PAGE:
Here is the Twins' starters and reliever's ERA month by month:
Here is the Twins' starters and reliever's WHIP month by month:
This looks a bit surprising. Yes the starters were pretty bad in April and May, but it looks, using traditional measurements, that the pen had turned the corner in May before becoming really good in June. Sub 3.50 ERA and WHIP around 1.250 is pretty good? Isn't it? That surely conflicts with the empirical observation that the pen was not that great in May. Who is to believe? Your eyes or the numbers? That bullpen surely surrendered leads in May.
As I explained last November there are just not many good measurements to describe and evaluate the state of pitching, and this is why I created the "Pitching Efficiency" measurement (PE= (K/9*K/BB)/WHIP).
Here is the Twins' starters and reliever's PE month by month:
I would argue that looking at PE, supports the empirical opinion that:
The 2008 MLB average PE for starters was 9.19 and for relievers 10.89. So the rotation has been pretty average as a unit but the pen below average. The July numbers are phenomenal: 21.45 for the rotation and 28.57 for the bullpen. To give some points of reference, in 2008 Roy Oswalt had a PE of 21.19 and Brad Lidge a PE of 25.61. Not bad.
The next plot would try to kill two birds with one stone: Why are the pen ERA and WHIP in April so misleading and is July sustainable? ERA is not a great measure of pitching ability, but one would think that WHIP will be able to describe what is going one pretty well. Apparently not so and here is the reason:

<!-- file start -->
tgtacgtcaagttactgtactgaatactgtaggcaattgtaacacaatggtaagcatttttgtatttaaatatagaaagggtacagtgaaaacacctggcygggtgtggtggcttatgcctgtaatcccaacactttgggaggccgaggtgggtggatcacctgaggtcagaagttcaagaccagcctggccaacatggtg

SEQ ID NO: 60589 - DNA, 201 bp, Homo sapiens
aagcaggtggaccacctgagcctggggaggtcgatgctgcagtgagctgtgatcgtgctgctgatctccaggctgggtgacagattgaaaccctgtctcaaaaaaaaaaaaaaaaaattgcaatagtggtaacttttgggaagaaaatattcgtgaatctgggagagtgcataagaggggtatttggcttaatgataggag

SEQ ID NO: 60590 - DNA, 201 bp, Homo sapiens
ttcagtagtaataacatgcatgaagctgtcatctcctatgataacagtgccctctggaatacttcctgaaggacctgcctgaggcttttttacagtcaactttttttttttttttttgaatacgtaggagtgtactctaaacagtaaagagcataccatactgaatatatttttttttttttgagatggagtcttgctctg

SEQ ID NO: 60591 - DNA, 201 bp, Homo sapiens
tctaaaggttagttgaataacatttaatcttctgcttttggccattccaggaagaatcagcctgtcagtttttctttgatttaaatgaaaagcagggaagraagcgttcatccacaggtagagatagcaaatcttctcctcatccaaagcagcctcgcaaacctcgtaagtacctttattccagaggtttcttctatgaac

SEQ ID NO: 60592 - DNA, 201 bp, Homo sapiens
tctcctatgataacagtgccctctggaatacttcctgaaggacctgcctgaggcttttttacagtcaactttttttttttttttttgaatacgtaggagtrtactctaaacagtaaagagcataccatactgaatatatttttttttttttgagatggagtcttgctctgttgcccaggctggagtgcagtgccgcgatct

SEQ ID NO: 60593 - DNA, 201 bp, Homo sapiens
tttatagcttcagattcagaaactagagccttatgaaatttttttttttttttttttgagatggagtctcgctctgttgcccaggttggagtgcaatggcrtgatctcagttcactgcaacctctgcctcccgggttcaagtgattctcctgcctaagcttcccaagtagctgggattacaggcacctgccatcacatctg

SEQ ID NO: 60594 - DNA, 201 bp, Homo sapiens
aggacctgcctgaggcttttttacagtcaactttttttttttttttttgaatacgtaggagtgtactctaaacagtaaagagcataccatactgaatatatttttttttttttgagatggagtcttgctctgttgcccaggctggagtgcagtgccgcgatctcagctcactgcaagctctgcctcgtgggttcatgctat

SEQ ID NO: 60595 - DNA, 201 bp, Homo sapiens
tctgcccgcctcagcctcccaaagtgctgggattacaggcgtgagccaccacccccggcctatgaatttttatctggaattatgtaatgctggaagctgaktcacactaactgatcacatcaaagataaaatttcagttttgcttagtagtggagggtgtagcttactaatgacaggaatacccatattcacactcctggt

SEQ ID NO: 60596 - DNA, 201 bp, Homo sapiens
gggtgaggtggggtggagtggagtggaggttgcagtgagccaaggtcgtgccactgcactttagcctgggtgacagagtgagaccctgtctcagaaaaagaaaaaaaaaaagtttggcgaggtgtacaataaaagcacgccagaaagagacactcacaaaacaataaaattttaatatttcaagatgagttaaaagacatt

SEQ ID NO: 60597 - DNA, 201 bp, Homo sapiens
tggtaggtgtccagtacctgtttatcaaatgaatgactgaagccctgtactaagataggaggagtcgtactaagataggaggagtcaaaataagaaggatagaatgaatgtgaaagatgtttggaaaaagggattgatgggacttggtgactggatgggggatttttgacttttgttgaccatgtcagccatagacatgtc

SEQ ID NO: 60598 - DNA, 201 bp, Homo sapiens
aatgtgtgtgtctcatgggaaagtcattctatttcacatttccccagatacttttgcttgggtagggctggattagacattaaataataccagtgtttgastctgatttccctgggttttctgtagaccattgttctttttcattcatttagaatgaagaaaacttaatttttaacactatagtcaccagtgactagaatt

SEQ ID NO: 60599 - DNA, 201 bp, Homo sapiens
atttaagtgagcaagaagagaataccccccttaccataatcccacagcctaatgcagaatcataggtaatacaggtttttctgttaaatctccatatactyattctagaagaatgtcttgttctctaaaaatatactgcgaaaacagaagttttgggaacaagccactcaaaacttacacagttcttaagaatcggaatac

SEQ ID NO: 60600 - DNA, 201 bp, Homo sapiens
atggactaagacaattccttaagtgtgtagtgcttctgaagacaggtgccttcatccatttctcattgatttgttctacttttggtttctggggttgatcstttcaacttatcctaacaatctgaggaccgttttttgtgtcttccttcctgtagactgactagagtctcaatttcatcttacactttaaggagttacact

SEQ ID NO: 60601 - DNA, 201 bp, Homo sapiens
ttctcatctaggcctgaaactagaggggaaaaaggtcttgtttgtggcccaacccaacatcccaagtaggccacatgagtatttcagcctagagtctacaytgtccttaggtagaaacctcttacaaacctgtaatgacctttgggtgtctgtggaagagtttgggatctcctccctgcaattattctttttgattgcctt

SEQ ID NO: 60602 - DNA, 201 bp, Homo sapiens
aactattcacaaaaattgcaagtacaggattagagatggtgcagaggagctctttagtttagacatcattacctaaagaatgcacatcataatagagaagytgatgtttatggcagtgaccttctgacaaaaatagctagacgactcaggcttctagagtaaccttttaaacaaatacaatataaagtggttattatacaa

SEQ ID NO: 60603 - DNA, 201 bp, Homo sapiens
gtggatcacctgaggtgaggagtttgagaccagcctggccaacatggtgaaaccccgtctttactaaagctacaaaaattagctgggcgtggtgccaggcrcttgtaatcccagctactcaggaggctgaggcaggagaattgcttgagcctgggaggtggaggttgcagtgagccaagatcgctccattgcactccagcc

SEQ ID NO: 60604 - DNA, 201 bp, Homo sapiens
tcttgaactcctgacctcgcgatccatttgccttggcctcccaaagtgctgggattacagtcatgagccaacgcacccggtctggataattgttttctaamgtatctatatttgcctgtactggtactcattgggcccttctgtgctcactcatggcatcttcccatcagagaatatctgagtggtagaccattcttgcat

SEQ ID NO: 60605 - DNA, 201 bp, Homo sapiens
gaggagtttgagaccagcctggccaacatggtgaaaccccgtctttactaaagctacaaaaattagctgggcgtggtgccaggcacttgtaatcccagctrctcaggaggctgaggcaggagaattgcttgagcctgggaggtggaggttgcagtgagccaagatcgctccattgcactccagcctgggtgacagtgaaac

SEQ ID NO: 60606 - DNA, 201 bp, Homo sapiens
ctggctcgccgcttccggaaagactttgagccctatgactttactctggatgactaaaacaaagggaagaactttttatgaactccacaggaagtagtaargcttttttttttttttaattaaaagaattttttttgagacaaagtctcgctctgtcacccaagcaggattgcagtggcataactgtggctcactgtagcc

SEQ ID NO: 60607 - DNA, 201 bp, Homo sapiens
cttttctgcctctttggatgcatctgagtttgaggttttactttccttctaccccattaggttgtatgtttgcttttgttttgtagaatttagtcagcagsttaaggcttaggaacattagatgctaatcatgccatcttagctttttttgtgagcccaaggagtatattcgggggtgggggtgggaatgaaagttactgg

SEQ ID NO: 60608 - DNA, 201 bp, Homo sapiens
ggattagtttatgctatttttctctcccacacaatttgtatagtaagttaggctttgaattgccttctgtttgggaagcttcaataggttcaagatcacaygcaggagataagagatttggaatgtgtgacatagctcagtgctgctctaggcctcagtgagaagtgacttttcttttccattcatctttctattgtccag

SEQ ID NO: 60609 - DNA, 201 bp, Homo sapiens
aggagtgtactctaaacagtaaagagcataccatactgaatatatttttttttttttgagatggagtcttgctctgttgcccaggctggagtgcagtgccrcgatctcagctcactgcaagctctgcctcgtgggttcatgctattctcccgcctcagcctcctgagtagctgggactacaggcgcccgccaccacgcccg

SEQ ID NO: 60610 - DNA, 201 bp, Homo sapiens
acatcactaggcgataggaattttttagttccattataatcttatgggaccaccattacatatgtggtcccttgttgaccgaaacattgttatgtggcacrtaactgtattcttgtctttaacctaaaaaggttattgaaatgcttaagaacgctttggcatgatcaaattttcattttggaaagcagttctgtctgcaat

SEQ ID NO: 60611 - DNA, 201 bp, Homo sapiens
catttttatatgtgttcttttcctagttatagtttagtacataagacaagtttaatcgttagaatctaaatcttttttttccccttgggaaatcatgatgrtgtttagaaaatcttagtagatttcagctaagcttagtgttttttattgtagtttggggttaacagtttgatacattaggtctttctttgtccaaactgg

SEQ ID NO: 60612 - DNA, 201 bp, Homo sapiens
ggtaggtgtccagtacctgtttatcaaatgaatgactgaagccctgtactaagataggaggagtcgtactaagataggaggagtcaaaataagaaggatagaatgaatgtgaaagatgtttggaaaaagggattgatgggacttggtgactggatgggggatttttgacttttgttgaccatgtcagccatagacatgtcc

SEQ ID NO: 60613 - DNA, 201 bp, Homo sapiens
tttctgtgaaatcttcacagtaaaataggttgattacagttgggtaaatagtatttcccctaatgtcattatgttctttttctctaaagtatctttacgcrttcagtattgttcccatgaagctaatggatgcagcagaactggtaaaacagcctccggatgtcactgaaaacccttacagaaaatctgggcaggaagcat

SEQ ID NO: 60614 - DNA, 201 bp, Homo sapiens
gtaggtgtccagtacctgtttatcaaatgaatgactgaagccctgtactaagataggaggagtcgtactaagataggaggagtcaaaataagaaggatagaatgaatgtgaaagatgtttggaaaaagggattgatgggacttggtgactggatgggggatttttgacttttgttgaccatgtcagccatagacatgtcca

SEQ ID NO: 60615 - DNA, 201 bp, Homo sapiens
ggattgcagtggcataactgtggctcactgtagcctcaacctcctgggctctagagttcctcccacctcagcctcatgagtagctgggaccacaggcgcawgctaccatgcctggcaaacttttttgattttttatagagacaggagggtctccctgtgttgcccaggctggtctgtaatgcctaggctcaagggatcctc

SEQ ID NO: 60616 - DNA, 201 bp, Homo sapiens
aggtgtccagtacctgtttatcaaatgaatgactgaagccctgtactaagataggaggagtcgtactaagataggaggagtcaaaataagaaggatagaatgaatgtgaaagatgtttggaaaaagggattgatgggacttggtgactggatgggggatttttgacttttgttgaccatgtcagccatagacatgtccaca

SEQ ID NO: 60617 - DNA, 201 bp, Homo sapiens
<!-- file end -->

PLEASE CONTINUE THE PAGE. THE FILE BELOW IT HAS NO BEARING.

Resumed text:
Here is the Twins' starters and reliever's BABIP month by month:
BABIP is batting average on balls in play (excludes home runs, HBP, K and BB). It should normalize at about .290 to .300. In April the Twins pitchers had a higher than normal BABIP (reflected in the higher that expected WHIP) and in May a lower than normal BABIP (reflected in the lower than expected WHIP).
The good news is that both the rotation and pen BABIP have been stable at close to normal levels so I expect the success to continue. One might argue that Swarzak was a big part of this change in June. However, looking at individual PEs Swarzak's year to day is 7.94 and Perkins' (excluding last nights game) 8.22, thus, I suspect that it will not matter that much.
Whose numbers are inflated and whose are deflated based on PE? Here are the individual PEs (ranked high to low) for the Twins pitchers:
Surprised? Baker is close to breaking through (and his last 2-3 starts indicate that) and Blackburn is living on the edge by giving too many hits, walking more batters than usual and striking out fewer than usual. Also, Mijares, mainly because his occasional lack of command that results to a high numbers of walks (the same problem that Breslow and Crain had, but in lesser degree than those two), might be walking on thin ice. On the other hand, Guerrier has been exceptional, Henn surprising and Ayala has been pitching better than his "traditional numbers" indicate.